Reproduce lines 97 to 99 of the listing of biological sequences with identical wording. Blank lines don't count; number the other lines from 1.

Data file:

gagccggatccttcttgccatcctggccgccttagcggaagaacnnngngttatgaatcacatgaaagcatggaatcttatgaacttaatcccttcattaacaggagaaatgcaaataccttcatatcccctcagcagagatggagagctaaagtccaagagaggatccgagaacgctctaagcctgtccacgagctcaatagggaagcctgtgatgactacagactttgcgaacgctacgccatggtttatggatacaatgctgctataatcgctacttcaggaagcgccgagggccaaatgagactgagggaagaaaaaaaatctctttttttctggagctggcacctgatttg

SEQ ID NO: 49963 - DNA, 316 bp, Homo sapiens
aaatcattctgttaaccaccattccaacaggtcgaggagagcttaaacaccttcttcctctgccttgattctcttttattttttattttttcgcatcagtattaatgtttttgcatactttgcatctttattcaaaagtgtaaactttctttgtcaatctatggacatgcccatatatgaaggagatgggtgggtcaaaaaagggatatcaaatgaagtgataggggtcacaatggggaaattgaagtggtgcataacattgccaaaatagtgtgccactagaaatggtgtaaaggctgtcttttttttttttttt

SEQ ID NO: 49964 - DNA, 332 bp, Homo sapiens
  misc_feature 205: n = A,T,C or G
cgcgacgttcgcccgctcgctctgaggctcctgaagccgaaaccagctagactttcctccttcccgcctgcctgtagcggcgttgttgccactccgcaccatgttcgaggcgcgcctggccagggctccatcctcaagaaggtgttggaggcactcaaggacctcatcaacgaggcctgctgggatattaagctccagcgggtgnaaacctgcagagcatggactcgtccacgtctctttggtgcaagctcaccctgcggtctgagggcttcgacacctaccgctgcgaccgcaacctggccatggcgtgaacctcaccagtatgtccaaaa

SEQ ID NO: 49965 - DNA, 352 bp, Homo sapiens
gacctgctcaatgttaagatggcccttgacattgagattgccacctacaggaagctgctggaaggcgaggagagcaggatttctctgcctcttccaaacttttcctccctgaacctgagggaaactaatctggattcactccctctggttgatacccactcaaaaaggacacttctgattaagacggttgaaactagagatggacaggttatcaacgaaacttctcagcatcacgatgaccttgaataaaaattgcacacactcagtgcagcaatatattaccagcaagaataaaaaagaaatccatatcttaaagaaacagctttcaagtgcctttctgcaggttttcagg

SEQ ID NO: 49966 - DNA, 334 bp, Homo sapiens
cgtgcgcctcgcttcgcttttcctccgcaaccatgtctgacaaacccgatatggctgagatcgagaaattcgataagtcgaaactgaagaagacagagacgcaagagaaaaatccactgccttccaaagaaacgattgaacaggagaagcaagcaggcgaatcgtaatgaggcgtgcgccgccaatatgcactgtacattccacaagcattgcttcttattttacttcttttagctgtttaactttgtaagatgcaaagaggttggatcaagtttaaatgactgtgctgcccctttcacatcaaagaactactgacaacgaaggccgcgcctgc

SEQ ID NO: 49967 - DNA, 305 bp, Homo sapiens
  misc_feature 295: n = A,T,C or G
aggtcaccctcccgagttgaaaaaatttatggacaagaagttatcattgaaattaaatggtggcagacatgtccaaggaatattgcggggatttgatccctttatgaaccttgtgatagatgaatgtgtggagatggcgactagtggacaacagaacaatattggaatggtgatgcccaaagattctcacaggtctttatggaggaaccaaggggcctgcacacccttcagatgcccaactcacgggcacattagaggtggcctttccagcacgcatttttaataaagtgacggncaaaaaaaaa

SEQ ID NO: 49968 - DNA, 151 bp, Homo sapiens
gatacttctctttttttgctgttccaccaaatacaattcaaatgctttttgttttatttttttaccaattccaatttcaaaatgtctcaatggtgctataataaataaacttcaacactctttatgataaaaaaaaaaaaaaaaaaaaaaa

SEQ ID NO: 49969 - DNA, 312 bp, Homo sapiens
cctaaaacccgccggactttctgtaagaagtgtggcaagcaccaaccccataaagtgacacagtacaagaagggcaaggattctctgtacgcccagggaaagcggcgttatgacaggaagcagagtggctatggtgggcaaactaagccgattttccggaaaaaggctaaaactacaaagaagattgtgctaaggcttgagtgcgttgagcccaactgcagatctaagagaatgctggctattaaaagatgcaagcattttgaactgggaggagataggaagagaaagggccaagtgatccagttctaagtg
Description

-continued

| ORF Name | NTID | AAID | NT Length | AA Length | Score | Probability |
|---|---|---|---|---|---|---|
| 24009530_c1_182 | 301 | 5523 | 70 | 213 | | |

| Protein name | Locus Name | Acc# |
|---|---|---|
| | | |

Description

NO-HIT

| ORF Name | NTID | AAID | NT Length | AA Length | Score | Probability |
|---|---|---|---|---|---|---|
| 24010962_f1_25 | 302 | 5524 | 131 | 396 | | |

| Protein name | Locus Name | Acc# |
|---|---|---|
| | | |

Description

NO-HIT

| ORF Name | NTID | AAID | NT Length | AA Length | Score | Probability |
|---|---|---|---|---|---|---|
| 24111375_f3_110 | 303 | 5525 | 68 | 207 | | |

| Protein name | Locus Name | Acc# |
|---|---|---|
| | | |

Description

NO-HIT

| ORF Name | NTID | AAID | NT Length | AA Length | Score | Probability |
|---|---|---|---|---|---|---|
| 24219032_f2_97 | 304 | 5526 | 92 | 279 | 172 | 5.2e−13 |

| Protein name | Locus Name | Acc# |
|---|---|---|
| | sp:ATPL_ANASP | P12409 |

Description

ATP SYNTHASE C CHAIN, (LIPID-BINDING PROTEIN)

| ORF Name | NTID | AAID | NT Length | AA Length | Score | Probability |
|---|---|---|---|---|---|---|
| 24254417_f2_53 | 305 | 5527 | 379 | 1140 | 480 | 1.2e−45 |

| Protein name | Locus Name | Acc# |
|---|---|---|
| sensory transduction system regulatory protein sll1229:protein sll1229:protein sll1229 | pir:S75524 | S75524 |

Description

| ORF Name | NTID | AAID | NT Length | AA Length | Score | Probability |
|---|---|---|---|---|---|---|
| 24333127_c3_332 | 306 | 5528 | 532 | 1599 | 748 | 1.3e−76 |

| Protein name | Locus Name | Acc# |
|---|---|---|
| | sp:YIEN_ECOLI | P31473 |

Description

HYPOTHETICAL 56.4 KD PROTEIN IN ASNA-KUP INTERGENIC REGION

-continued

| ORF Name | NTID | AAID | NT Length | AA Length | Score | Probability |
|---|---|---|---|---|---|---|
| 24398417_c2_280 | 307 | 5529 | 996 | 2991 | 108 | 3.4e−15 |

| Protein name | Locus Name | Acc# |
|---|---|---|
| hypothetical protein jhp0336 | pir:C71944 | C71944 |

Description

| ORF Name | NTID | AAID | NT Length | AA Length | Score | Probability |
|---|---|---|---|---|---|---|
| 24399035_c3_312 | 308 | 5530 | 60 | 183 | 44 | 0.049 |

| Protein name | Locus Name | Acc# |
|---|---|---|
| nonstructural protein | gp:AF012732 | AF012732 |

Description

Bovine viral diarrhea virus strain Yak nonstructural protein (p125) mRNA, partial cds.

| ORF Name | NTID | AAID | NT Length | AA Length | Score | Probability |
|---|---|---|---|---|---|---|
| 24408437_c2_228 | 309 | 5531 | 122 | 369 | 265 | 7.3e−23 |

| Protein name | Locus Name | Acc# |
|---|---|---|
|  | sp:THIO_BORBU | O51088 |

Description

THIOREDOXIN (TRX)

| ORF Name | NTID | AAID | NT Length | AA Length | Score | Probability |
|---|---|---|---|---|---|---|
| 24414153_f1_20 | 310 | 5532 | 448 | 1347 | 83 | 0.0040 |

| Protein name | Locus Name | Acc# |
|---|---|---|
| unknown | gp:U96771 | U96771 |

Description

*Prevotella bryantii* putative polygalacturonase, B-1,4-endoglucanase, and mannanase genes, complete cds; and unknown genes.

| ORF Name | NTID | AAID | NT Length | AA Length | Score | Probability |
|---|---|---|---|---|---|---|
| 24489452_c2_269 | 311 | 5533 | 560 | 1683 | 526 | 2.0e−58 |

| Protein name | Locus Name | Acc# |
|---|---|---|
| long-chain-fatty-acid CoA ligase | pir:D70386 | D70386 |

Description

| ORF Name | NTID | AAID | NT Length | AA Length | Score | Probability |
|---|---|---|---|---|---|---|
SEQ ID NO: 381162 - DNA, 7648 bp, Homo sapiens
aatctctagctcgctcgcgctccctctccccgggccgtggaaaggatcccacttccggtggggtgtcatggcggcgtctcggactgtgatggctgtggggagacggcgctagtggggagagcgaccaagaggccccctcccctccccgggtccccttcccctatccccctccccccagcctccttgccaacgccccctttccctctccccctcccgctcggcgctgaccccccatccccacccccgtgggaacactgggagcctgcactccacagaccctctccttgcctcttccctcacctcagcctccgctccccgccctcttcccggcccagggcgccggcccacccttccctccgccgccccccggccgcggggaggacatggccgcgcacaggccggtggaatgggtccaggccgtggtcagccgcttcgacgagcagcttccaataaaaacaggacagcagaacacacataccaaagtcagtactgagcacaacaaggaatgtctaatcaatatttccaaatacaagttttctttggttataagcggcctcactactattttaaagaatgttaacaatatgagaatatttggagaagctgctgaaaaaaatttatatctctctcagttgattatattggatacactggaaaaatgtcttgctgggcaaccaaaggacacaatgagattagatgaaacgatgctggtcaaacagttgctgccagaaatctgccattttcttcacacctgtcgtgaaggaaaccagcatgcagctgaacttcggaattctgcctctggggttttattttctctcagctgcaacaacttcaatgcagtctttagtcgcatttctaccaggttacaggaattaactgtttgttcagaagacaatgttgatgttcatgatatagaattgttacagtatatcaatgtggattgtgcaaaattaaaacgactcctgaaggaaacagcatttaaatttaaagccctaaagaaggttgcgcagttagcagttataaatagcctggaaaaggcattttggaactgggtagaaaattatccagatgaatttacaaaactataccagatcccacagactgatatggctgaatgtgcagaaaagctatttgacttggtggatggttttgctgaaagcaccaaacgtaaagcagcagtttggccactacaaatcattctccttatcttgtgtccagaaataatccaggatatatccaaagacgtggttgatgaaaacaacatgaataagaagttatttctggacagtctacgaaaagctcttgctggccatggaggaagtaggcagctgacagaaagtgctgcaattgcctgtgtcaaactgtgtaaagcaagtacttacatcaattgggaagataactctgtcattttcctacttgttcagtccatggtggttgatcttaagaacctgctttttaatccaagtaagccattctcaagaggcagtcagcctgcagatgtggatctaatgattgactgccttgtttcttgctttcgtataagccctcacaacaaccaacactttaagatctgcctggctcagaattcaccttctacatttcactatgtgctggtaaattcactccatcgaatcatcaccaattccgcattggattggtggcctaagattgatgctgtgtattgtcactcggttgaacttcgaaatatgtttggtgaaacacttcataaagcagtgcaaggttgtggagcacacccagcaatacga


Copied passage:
Description

*Prevotella bryantii* putative polygalacturonase, B-1,4-endoglucanase, and mannanase genes, complete cds; and unknown genes.

| ORF Name | NTID | AAID | NT Length | AA Length | Score | Probability |